Where do I even start here? I’ve had this post about our cleft lip and cleft palate journey sitting around in my drafts since baby C was a month old. It just never really felt right to hit publish. I’m not exactly sure why. Maybe it was the many emotions I was going through, learning more about my newborn son, or the constant (and I mean constant) doctors appointments. It could have also been that it didn’t quite feel like a journey yet because we were just getting started.
When we learned at our 20 week ultrasound that we were going to have a child that would be born with a bilateral cleft lip and palate, in that moment, I’m not so sure I fully processed it all. I’m going to be as open and honest here as I can be, because in a way, I wish more people were open with us so that we could have better prepared. Then again, I’m not exactly sure you fully can prepare for things until you’re actually going through them.
WHAT IS A CLEFT LIP AND PALATE?
HOW DOES SOMEONE GET A CLEFT LIP AND PALATE?
WHAT ARE SOME OF THE STRUGGLES FOR A CLEFT BABY?
I can confidently say that feeding struggles will be a thing with cleft babies. Along with weight gain. I’ll expand on that more below. Our little guy also got tubes put in his ears because fluid with the ears is a common issues since their mouths are so open. We’ve also been warned there will be some orthodontic issues later on down the road and possible speech difficulties. His hearing is being monitored because his ear canals are so tiny and our prayer is that they will grow with him and hearing will not be an issue. Most doctor’s will recommend genetic testing to be done since clefts can also be related with other syndromes. We did have all of that done with him and we are so thankful there are no other syndromes associated.
HOW IS A CLEFT LIP AND PALATE REPAIRED?
Now with the weight issue out of our way, it was time to focus on his first surgery. Finding out he would need multiple lip surgeries was hard to hear at first. Of course we always want what’s best for him and to provide him with the best options to maximize his results, but here we were almost 6 months out and other babies around us were already done with their surgeries. That’s why it’s important to know that each situation from one to the next can be so different.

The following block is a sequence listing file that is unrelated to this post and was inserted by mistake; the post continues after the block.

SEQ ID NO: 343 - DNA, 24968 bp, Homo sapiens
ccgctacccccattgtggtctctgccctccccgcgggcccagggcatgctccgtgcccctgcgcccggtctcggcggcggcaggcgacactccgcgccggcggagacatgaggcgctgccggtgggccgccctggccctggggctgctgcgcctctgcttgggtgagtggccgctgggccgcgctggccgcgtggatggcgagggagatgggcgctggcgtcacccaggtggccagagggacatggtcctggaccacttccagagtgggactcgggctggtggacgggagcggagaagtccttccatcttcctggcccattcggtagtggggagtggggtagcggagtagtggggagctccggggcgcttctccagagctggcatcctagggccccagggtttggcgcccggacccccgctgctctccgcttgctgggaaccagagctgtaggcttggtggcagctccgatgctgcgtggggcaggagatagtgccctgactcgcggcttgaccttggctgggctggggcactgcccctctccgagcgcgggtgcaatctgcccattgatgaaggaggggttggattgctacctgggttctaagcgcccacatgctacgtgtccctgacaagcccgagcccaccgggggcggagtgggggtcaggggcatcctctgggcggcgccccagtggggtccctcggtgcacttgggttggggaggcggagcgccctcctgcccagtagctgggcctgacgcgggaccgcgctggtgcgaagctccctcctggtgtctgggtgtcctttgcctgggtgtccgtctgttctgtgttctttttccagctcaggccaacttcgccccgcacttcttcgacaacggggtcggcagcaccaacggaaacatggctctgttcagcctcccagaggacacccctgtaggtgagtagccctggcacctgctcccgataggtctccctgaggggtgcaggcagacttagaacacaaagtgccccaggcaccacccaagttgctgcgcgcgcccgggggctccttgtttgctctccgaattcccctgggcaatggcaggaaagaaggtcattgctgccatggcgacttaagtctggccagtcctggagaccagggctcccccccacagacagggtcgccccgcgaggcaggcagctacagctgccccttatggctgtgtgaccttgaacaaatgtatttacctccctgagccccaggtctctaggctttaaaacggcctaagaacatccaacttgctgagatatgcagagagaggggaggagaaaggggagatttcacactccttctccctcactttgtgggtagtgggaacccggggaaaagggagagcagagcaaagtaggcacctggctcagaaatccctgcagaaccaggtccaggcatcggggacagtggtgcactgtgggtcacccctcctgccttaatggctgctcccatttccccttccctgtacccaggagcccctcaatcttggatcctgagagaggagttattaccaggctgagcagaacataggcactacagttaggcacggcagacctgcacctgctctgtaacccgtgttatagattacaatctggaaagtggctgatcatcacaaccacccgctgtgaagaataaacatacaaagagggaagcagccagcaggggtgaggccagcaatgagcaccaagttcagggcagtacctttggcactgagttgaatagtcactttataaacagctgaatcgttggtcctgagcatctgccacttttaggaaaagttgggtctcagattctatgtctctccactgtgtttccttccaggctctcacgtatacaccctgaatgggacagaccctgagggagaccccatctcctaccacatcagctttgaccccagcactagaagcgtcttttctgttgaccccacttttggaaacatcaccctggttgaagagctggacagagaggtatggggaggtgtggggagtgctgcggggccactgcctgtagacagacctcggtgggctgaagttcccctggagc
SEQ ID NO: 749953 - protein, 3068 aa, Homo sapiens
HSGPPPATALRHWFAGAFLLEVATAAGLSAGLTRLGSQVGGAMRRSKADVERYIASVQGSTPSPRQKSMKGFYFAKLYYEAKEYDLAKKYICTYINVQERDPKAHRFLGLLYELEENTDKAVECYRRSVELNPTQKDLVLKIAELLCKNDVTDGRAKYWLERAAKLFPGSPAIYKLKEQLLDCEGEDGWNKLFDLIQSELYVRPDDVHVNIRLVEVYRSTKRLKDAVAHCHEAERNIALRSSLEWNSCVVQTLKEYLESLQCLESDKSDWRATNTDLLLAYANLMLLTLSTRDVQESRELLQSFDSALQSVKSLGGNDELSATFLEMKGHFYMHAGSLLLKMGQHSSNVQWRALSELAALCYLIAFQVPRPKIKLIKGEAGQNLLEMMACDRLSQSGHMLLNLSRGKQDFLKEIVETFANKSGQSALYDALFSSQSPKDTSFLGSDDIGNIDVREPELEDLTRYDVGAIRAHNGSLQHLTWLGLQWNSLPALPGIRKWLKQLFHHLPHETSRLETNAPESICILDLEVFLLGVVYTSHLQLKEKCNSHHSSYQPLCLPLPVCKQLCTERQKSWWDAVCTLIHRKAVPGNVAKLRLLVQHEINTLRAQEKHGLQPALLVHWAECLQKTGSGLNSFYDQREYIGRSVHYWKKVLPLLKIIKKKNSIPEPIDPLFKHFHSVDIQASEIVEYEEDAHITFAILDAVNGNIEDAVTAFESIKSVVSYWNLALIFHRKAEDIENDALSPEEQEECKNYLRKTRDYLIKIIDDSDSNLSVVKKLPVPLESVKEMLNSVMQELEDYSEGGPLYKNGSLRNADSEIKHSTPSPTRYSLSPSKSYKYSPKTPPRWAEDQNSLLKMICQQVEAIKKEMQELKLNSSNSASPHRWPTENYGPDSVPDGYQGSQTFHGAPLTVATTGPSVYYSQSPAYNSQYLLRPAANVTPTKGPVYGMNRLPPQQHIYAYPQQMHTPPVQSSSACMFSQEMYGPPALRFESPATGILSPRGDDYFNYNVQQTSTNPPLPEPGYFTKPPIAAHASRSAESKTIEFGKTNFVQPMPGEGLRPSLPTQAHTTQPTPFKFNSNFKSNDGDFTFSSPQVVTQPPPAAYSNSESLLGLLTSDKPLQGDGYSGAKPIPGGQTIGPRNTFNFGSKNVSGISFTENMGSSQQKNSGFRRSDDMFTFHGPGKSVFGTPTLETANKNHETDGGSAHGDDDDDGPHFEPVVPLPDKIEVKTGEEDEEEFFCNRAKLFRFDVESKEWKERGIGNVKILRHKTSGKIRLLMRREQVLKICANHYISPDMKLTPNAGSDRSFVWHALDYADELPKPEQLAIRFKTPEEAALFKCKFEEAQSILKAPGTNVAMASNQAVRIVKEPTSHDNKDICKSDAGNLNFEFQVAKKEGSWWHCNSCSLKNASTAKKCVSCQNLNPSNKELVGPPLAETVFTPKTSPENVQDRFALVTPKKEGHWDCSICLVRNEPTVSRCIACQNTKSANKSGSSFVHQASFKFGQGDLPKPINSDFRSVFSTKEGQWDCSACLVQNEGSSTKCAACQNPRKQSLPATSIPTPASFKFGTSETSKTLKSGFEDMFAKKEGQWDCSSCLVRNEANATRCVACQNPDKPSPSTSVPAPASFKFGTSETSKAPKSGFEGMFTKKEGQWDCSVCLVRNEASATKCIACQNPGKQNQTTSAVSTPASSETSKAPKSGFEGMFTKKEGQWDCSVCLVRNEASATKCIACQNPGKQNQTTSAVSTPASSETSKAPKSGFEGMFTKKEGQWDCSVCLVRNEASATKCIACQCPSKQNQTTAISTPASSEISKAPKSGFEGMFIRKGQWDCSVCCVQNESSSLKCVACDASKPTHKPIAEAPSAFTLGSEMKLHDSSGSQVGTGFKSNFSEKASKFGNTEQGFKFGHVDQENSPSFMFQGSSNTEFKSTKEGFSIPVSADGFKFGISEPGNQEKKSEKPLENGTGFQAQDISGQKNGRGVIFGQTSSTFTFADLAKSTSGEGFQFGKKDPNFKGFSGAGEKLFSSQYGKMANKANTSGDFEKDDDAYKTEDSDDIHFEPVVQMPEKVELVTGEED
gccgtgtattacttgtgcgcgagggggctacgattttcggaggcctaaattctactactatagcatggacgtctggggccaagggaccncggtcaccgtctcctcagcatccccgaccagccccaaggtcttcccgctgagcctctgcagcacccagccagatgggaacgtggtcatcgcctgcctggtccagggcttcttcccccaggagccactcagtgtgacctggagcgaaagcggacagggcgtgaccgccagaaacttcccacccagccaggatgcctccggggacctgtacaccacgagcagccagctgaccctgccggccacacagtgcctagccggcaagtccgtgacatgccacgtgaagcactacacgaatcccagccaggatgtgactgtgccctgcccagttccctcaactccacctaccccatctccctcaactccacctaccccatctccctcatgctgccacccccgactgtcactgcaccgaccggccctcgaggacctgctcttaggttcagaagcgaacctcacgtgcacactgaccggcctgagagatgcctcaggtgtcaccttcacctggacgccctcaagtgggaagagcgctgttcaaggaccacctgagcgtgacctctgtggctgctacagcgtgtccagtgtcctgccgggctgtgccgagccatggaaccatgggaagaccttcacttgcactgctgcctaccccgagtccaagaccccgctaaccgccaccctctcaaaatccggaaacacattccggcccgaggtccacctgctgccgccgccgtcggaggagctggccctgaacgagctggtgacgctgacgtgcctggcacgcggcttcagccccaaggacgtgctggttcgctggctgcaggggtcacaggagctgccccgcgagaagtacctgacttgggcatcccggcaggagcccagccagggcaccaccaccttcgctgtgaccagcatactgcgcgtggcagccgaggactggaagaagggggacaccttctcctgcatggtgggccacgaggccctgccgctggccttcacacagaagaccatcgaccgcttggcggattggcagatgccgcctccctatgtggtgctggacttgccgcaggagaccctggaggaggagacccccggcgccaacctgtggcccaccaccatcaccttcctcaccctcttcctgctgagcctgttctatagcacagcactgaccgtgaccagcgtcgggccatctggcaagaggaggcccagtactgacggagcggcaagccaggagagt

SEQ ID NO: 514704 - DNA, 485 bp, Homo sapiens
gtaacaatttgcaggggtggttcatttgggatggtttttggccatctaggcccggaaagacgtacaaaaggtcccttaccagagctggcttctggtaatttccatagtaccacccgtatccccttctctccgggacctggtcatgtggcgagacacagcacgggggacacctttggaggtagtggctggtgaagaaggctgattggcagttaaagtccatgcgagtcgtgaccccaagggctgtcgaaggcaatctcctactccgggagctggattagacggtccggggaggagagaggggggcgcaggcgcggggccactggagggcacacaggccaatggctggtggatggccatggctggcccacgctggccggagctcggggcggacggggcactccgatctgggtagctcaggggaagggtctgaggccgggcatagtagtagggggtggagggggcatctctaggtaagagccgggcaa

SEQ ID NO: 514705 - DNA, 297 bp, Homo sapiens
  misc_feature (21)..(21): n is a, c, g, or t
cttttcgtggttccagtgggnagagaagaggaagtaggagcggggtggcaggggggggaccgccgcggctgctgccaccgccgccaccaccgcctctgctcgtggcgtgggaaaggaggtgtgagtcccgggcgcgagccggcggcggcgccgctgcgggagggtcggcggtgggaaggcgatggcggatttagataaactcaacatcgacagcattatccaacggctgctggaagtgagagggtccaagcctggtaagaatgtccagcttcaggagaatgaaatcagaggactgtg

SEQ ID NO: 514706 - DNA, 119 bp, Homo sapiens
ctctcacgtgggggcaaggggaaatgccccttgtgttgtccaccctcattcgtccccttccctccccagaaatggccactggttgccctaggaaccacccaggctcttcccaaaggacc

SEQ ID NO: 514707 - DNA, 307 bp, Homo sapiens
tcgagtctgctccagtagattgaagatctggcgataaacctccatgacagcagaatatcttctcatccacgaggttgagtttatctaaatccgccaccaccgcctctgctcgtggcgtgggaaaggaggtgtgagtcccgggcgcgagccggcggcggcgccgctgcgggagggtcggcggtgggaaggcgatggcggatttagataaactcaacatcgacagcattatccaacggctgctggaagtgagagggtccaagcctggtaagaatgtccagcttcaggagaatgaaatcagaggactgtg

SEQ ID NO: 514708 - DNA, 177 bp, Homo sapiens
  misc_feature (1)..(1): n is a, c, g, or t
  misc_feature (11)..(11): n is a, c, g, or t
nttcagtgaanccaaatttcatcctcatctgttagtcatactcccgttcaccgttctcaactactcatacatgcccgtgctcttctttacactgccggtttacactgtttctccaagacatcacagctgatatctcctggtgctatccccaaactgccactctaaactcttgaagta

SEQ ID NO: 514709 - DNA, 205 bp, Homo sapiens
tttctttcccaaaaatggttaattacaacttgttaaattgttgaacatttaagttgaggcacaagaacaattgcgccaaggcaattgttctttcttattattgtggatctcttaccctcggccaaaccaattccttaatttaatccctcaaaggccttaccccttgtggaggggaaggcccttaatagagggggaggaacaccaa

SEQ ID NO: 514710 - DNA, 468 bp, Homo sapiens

It was decided that he would have a lip adhesion surgery which is basically closing up the openings of his lip. That surgery day is something I will remember forever. It’s such a scary moment when you put your child in the hands of someone else. Especially dealing with things medically. Anytime someone is put under anesthesia there are risks involved, and waiting is the hardest part. Those moments where minutes can feel like hours. I kept trying to imagine what he would look like without his cleft. It was a part of him, and something we loved from the moment we saw him. It felt like a piece of him would be missing. His bright gummy smile that melted all of our hearts was about to go away. It was a moment we waited for to get to the point of surgery, and yet, I felt like I wasn’t ready to see those little openings close.
The surgery lasted for a few hours because he also had tubes put in his ears. Once we could go back and see him I immediately broke into tears. It was so hard to see him in so much pain. He was making a crying noise like I’ve never heard him make before. They needed to give him morphine to calm him down and my heart just about broke. A few hours later we did see some great improvements with him and he was starting to eat again. By the next day we started seeing glimpses of his smile and we knew he was going to be ok.
When we were getting ready to leave the hospital to go home with him, I had one of those flashback moments to when we had our first son and it was time to go home. We walked through those doors and looked at each other like, now what? Thankfully through his recovery he had so many more good days than bad. We stayed on top of his pain management because you could definitely tell when things started to wear off. He was eating like a champ and trying to wiggle his way out of his no-no arm bands. Those were fun to try and keep on.
After a few weeks after recovery and he was back to himself, and we were already in love with his new smile. It felt like we turned a major corner. It was like a lightbulb went off for him. He started making leaps and bounds in all areas and we loved seeing his little personality come about.
As we’re getting ready for his next lip surgery, I can’t help but have so many emotions again. His smile will be changing for the second time, and this time it will be his forever smile. We’ll have to get used to seeing him a different way, yet again. I now know the pain he will have to go through and the road to recovery that’s ahead. I also know this won’t be the last of it, and we’ll be on our way to his palate surgery at the end of the year. I have moments where I don’t want to go through this again. Then I remind myself I need to remain thankful that we have a fixable problem. Somehow through all of this it will make my little guy so much stronger. It’s teaching all of us different life lessons and has been a constant reminder for me personally. When I think about complaining when it comes to something with my appearance, I stop and count my blessings. The world needed my little guy in it, his cleft lip, palate, and all. Even through all of the tough and trying times there have been so many beautiful moments and memories together. There’s something so special about his little smile that has changed our hearts forever. I know that he has made me a better person and he is such a blessing to our family.